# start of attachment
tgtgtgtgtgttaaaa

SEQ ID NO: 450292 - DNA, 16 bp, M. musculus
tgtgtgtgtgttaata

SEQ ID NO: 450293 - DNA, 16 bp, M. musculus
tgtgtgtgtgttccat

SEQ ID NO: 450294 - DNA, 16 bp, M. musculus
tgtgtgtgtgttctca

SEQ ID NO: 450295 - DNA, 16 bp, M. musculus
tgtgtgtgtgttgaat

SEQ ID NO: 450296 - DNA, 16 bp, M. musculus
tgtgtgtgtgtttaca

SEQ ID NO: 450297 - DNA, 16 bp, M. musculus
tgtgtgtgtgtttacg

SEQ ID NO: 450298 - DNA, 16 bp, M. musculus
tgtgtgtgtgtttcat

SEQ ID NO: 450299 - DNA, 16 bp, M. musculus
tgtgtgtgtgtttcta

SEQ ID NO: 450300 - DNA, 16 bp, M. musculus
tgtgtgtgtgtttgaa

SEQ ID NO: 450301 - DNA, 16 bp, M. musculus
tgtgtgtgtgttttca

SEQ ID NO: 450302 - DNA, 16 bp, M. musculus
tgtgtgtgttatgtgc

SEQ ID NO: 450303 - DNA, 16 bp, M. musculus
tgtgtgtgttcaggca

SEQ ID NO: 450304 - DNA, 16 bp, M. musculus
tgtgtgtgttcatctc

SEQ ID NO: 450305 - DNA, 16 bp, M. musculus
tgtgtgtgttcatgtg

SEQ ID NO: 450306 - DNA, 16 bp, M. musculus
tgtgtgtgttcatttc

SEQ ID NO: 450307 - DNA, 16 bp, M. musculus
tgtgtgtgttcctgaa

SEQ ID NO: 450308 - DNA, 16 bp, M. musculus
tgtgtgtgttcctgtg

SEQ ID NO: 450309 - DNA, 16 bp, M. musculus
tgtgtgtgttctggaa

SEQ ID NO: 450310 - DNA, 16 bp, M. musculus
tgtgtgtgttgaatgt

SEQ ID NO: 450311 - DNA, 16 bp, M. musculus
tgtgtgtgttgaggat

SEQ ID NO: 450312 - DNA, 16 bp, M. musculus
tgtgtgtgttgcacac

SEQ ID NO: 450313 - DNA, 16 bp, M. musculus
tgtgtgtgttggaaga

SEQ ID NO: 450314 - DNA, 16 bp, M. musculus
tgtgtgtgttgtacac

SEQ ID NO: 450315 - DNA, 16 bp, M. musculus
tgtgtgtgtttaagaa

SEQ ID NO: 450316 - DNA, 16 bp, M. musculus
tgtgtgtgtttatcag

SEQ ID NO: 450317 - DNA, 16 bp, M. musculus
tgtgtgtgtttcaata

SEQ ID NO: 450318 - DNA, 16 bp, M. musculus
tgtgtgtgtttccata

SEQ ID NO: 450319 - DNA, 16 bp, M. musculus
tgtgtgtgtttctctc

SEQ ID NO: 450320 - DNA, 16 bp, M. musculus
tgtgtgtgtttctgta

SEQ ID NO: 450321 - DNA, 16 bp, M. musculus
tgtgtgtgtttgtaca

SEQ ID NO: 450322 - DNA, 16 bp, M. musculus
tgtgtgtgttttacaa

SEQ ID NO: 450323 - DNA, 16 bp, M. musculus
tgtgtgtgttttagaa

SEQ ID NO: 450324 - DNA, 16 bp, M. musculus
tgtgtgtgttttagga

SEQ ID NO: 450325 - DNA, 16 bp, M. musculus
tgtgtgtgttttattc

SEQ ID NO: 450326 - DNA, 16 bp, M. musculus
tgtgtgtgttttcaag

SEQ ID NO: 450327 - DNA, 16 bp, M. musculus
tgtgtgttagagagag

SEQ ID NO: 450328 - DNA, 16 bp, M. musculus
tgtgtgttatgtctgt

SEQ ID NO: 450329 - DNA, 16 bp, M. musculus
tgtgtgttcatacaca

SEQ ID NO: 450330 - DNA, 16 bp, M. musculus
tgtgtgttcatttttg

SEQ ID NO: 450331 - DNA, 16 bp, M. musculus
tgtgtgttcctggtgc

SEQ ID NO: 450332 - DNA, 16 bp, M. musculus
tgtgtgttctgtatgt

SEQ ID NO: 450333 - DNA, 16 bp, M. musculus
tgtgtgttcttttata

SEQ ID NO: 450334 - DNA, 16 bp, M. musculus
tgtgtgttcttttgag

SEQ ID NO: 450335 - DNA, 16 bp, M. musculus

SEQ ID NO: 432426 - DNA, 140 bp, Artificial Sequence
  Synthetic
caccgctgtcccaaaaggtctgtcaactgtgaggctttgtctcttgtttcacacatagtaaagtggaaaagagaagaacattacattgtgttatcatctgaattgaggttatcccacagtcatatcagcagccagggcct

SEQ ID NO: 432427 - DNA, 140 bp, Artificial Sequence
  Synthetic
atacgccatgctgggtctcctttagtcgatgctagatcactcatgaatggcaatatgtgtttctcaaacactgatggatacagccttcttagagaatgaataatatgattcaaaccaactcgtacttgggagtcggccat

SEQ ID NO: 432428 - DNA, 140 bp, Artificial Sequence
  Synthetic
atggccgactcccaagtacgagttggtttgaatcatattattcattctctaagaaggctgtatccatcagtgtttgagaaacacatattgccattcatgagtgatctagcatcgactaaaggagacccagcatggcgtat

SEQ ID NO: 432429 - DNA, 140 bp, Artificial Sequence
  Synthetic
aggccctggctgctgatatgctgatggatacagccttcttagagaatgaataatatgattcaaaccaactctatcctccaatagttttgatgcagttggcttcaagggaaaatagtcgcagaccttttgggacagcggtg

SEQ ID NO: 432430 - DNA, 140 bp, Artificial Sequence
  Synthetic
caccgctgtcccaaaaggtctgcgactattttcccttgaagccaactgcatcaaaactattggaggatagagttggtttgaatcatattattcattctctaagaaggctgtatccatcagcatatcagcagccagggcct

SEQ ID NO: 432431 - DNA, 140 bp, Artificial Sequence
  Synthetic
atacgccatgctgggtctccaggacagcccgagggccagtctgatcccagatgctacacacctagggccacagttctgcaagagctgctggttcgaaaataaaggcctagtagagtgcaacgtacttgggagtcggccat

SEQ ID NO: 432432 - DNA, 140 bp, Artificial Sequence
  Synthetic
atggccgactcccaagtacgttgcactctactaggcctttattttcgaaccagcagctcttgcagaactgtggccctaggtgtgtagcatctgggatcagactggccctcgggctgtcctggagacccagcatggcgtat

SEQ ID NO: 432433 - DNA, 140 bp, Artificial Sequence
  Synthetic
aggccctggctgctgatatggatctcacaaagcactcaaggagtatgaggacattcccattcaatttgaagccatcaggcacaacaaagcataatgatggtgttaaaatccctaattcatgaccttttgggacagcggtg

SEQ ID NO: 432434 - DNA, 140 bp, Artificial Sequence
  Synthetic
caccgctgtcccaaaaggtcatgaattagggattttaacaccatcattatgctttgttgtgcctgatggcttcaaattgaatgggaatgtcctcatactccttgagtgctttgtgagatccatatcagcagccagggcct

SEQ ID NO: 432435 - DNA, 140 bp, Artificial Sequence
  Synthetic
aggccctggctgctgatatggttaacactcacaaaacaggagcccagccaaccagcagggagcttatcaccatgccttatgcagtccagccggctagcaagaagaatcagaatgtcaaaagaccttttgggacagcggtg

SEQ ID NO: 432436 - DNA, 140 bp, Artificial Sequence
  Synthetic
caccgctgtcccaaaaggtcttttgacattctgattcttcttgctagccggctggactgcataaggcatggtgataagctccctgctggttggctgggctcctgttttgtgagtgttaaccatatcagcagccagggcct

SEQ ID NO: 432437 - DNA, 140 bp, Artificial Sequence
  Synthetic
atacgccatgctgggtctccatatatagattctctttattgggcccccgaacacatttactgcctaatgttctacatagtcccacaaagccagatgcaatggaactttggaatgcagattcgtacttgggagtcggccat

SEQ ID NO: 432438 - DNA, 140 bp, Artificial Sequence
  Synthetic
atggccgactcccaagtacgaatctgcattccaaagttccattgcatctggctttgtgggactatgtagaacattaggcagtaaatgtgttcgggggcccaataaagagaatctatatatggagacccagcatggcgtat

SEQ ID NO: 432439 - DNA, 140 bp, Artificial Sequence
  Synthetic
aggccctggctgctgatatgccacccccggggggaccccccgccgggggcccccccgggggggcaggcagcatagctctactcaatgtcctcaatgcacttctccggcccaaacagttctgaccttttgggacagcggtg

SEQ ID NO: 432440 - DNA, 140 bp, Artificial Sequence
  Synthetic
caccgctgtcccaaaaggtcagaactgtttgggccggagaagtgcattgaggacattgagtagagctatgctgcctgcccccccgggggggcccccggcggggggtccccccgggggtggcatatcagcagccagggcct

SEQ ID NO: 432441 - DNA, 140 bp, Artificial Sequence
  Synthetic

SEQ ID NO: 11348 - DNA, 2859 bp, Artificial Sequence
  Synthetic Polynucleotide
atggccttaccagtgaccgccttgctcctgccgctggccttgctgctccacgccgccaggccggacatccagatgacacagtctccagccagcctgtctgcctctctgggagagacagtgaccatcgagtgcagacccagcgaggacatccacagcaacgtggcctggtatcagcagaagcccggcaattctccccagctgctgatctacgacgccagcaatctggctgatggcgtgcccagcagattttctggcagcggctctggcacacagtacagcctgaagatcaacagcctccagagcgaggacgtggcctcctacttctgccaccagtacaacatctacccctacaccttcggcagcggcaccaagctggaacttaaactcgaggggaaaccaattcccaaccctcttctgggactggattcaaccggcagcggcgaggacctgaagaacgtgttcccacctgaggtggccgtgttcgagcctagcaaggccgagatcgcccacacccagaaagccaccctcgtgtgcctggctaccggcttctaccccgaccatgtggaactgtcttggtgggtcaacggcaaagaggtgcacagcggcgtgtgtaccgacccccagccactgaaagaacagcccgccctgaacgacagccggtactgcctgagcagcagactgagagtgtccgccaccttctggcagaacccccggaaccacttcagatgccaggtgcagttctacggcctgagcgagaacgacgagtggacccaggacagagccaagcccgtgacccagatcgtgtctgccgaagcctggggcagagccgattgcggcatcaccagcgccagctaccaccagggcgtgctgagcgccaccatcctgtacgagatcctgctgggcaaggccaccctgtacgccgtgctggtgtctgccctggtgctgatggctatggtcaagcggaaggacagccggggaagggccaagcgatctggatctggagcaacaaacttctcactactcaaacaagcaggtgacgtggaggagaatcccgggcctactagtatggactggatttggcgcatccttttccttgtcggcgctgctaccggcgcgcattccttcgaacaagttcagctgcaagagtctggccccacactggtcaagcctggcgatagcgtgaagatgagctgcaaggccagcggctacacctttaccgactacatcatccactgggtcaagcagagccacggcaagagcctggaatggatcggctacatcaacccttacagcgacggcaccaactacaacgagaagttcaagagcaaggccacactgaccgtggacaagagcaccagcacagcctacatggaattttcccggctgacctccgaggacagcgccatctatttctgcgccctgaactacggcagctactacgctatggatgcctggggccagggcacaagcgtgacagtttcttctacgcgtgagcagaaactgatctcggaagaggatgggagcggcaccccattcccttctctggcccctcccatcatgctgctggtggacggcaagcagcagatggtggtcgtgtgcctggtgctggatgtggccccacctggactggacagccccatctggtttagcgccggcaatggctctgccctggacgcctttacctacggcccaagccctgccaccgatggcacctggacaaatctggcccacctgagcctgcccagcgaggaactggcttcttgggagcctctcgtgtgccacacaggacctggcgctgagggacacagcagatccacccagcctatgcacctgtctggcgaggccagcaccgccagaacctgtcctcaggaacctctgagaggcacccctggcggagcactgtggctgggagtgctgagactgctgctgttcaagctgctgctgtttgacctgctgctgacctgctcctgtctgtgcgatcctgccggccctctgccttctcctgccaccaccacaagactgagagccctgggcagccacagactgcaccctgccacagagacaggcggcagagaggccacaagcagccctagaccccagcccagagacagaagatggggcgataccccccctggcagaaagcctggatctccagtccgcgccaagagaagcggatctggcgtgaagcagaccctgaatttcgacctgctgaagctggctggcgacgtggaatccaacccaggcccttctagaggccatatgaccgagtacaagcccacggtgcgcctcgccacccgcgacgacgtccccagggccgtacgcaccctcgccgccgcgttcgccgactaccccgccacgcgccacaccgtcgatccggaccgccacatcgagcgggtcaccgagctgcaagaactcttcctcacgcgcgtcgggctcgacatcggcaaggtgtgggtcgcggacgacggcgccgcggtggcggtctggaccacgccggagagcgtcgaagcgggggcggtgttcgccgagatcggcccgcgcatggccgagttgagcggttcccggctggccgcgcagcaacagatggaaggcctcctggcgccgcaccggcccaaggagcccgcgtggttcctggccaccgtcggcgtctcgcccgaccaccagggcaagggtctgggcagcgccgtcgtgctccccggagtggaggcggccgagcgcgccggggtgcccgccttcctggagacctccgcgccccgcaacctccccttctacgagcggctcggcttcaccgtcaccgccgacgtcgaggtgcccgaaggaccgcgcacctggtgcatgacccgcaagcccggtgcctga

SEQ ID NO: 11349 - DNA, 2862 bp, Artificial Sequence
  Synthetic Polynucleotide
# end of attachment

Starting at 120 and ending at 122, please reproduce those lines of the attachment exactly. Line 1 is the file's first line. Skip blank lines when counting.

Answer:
  Synthetic
caccgctgtcccaaaaggtcttttgacattctgattcttcttgctagccggctggactgcataaggcatggtgataagctccctgctggttggctgggctcctgttttgtgagtgttaaccatatcagcagccagggcct

SEQ ID NO: 432437 - DNA, 140 bp, Artificial Sequence